SYDNEY - Australia insists its support for the U.S.-led mission to protect tankers in the Persian Gulf is not to blame for the detention of two Australian travel bloggers being held in Iran. They have been identified as Jolie King and Mark Firkin, a couple from Perth.
They reportedly were detained 10 weeks ago near Tehran. King also holds a British passport.
News of the couple's arrest, and that of another British-Australian woman, emerged Wednesday. The cases are not thought to be related. The detentions come amid growing tensions between the West and Iran.
King and Firkin have been traveling through Asia and the Middle East. They were documenting their adventures to thousands of followers on Instagram and YouTube, including a recent trip through Pakistan.
"You might have heard of it before but the Karakoram (highway) was built on the same path as the old Silk Route, so that is pretty cool," King said.
It is reported the couple was arrested in Iran for flying a drone without permission. Videos filmed in other countries do contain drone footage.
Their last social media post was June 30:
Firkin: "We are now in Iran and we are camped on a nice hill here next to the capital, Tehran."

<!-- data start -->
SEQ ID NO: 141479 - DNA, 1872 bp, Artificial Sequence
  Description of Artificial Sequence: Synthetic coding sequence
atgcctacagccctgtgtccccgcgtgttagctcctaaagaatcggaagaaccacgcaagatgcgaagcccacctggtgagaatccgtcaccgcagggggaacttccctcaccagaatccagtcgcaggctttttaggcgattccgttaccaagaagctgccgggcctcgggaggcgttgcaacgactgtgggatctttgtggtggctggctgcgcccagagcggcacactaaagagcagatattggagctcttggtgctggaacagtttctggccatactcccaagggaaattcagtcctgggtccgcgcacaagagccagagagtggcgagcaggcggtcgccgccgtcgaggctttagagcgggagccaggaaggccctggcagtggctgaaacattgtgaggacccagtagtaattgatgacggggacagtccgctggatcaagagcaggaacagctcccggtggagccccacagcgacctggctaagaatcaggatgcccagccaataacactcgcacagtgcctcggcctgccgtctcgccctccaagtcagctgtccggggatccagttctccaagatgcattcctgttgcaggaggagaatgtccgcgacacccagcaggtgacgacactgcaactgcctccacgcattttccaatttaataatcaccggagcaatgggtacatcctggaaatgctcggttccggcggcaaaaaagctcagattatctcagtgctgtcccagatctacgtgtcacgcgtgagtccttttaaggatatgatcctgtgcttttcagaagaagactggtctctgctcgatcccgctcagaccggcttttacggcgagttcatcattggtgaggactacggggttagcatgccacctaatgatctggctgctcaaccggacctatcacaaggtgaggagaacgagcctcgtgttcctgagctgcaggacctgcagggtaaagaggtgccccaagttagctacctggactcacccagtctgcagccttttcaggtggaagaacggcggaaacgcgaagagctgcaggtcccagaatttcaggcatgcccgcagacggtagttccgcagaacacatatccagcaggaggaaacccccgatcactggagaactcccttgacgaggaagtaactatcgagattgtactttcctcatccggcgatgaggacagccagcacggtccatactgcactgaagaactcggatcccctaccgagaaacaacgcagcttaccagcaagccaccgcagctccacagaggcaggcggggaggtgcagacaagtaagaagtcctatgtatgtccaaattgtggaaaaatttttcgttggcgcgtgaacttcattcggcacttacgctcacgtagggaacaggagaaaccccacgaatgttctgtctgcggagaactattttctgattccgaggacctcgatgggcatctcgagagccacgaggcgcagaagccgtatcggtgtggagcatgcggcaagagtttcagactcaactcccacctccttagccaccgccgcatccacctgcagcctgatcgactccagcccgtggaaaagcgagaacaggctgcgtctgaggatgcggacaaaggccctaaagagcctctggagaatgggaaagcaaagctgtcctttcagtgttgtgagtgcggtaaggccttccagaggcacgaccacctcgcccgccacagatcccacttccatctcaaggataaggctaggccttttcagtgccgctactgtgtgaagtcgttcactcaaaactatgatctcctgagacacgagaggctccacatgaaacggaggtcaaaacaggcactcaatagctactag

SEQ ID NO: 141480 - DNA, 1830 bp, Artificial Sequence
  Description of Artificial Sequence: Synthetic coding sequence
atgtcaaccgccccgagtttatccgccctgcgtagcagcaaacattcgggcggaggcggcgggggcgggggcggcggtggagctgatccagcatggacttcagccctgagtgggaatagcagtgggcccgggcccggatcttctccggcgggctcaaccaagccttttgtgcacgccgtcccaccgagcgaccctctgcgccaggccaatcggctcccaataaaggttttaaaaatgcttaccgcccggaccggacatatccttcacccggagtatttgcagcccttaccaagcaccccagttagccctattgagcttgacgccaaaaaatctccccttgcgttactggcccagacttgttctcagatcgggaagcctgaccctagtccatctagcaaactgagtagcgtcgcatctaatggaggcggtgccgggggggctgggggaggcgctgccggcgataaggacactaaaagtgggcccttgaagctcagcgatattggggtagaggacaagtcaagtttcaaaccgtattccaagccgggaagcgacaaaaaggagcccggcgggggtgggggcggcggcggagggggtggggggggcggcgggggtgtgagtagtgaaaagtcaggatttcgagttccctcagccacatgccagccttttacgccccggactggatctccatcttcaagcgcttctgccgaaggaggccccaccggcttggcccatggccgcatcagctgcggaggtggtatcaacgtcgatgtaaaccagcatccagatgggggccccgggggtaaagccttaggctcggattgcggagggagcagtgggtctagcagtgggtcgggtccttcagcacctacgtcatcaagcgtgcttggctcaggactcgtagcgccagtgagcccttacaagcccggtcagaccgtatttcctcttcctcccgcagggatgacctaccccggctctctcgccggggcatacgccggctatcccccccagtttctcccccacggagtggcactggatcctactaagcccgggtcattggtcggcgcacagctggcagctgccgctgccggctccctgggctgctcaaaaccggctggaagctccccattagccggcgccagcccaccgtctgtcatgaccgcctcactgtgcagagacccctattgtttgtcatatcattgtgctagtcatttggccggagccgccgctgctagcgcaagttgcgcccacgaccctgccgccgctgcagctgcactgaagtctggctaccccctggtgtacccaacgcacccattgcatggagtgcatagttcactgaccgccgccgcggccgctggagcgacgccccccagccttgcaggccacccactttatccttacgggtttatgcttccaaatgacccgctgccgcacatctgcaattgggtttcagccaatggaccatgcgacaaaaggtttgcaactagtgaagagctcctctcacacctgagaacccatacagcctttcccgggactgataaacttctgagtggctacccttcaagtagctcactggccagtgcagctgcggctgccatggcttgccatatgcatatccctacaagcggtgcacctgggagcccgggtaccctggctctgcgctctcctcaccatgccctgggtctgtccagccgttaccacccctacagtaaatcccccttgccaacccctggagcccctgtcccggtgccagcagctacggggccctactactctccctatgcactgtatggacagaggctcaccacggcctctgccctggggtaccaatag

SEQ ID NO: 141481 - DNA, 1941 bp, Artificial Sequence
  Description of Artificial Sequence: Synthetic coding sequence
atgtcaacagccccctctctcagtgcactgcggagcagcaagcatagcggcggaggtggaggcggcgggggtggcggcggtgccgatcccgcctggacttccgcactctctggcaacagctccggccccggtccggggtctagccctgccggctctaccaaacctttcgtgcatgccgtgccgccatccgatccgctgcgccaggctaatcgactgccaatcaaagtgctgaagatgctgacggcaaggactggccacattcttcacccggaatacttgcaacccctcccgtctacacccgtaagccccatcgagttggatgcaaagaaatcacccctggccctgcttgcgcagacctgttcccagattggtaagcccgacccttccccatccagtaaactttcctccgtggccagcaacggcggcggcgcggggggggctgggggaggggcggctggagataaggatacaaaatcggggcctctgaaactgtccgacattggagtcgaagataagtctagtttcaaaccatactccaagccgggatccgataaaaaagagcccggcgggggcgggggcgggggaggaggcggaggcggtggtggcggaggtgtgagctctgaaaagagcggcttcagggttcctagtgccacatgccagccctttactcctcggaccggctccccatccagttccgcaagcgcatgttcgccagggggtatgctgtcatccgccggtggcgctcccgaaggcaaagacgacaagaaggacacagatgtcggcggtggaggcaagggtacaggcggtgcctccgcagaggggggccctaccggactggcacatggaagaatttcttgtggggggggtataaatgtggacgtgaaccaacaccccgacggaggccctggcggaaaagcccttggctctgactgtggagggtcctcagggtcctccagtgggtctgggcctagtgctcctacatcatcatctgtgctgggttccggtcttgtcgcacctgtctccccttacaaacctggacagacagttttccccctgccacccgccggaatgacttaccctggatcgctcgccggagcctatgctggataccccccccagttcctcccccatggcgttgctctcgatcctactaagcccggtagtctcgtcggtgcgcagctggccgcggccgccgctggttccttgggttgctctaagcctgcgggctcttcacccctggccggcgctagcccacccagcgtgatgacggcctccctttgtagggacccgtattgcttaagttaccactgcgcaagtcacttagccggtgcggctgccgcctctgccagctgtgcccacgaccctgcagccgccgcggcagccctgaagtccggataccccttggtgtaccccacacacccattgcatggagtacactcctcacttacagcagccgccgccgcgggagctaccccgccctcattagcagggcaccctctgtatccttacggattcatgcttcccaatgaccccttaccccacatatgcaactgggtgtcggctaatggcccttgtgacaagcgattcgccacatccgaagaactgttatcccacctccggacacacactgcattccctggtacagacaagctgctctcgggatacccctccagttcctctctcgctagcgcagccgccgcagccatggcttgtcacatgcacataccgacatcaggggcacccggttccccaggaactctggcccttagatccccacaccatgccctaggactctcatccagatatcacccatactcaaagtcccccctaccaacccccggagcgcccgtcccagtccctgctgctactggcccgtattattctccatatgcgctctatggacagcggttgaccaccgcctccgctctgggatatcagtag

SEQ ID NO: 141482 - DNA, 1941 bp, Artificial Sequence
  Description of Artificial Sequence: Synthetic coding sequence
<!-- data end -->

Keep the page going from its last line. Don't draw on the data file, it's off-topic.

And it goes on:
King: "We just arrived. (It's) actually really beautiful."
Firkin: "Just in time for sunset."
A second dual British-Australian national reported to have been jailed for 10 years on unknown charges is understood to be an academic from Melbourne. There is speculation the woman, who has not been publicly identified, could have been convicted by Iran of spying.
In August, Canberra said it would send a warship and surveillance aircraft to the Persian Gulf to join an international effort to combat Iran's actions in the Strait of Hormuz, one of the world's most important shipping lanes.
The Australian foreign minister, Marise Payne, does not believe the detentions are linked to that decision or to other political reasons.
"We have no reason to think that these arrests are connected to international concern over Iran's nuclear program, United Nations sanctions or sanctions enforcement or maritime security and the safety of civilian shipping," Payne said.
Australia is advising its citizens, and those with dual nationality, to reconsider their need to travel to Iran because of the risk that foreigners could be randomly detained.